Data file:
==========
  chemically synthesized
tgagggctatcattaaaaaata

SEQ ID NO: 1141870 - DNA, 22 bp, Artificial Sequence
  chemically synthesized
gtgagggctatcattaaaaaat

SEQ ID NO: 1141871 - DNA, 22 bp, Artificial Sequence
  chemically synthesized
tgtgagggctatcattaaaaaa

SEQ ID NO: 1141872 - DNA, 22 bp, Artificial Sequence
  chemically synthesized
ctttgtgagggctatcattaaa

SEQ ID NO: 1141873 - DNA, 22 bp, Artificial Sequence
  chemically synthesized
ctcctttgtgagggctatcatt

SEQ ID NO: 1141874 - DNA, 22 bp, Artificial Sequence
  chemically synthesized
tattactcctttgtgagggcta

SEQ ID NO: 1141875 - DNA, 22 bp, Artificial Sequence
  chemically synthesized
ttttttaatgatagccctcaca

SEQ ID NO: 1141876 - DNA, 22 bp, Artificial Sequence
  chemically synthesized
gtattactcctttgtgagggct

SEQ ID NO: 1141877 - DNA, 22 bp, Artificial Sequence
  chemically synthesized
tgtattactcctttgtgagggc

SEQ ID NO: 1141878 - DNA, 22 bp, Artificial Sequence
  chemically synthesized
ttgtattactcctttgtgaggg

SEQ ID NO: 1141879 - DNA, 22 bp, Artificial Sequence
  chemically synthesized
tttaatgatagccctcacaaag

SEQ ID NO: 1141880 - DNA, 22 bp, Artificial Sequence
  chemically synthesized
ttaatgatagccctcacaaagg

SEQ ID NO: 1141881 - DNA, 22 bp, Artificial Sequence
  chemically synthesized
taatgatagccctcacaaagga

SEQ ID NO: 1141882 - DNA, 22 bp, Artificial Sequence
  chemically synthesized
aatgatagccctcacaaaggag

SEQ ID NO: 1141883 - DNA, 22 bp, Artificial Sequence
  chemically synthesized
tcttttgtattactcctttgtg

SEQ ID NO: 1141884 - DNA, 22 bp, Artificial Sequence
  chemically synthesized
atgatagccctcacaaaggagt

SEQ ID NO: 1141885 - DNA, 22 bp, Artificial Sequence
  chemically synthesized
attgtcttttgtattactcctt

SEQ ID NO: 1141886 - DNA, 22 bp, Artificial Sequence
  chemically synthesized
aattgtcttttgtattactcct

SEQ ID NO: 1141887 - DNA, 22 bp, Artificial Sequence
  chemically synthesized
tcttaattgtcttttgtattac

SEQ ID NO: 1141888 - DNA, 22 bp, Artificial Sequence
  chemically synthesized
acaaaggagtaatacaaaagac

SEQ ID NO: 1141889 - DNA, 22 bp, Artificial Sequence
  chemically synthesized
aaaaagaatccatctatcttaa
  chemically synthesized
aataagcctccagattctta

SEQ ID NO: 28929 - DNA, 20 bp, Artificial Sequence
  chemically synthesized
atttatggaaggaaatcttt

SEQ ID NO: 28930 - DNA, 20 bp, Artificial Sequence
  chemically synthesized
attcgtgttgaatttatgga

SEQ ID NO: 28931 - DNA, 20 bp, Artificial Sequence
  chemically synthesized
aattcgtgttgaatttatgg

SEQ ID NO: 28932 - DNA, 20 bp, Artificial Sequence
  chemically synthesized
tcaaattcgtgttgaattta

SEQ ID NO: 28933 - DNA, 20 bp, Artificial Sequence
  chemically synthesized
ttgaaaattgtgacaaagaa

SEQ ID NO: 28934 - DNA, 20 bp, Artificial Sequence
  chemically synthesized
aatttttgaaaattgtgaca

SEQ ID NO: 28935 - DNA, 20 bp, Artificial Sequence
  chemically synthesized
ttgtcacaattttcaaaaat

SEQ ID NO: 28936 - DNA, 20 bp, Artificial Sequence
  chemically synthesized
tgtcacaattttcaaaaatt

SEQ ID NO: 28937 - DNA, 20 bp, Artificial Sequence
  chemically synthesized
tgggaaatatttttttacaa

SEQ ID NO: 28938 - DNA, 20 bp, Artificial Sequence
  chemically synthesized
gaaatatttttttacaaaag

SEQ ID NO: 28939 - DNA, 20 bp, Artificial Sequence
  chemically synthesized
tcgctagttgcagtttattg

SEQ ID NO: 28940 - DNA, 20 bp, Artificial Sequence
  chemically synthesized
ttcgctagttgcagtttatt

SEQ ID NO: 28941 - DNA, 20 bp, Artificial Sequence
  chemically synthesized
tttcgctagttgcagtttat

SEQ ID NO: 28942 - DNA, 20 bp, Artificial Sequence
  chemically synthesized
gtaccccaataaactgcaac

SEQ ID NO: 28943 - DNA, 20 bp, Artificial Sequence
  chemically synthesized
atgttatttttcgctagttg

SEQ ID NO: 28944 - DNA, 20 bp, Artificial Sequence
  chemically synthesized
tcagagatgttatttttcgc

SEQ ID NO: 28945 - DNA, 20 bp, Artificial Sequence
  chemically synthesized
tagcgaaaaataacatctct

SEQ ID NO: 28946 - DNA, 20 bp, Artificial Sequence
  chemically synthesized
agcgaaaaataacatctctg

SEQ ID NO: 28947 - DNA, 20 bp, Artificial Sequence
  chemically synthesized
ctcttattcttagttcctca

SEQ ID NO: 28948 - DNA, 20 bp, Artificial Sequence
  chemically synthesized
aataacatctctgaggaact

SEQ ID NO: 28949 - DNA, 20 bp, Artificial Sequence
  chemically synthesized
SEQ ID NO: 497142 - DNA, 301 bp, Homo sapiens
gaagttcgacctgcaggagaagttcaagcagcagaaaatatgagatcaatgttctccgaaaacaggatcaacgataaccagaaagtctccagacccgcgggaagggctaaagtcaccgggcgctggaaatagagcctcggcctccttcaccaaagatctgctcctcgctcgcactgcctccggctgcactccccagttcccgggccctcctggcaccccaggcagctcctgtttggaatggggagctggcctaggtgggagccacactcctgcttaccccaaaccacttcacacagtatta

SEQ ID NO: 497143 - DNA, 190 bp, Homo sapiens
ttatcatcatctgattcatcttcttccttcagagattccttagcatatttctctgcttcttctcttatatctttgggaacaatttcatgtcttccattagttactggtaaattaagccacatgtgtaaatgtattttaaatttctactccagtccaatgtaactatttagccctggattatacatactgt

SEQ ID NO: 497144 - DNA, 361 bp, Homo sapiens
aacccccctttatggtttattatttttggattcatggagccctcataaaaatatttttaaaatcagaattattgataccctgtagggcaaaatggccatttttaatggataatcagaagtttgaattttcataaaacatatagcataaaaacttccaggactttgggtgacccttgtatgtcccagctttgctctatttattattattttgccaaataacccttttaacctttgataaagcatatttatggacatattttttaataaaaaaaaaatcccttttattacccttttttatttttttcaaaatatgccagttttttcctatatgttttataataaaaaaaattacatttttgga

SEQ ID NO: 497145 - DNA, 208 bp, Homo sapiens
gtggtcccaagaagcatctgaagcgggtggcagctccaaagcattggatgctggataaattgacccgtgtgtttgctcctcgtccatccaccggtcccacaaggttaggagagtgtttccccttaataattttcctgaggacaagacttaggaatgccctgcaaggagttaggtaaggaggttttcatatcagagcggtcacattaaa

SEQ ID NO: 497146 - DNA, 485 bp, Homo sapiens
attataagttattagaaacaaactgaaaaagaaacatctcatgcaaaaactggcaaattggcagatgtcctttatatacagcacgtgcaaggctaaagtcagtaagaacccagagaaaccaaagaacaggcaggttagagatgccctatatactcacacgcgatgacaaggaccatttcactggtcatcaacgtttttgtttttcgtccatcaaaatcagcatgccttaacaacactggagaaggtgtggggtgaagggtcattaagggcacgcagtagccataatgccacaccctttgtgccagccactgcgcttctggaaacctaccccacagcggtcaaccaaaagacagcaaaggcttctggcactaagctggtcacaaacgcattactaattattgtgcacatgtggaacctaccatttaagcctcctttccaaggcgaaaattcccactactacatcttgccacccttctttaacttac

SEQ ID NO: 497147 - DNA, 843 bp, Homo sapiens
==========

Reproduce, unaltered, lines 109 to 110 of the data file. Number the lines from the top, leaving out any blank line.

atgttatttttcgctagttg

SEQ ID NO: 28944 - DNA, 20 bp, Artificial Sequence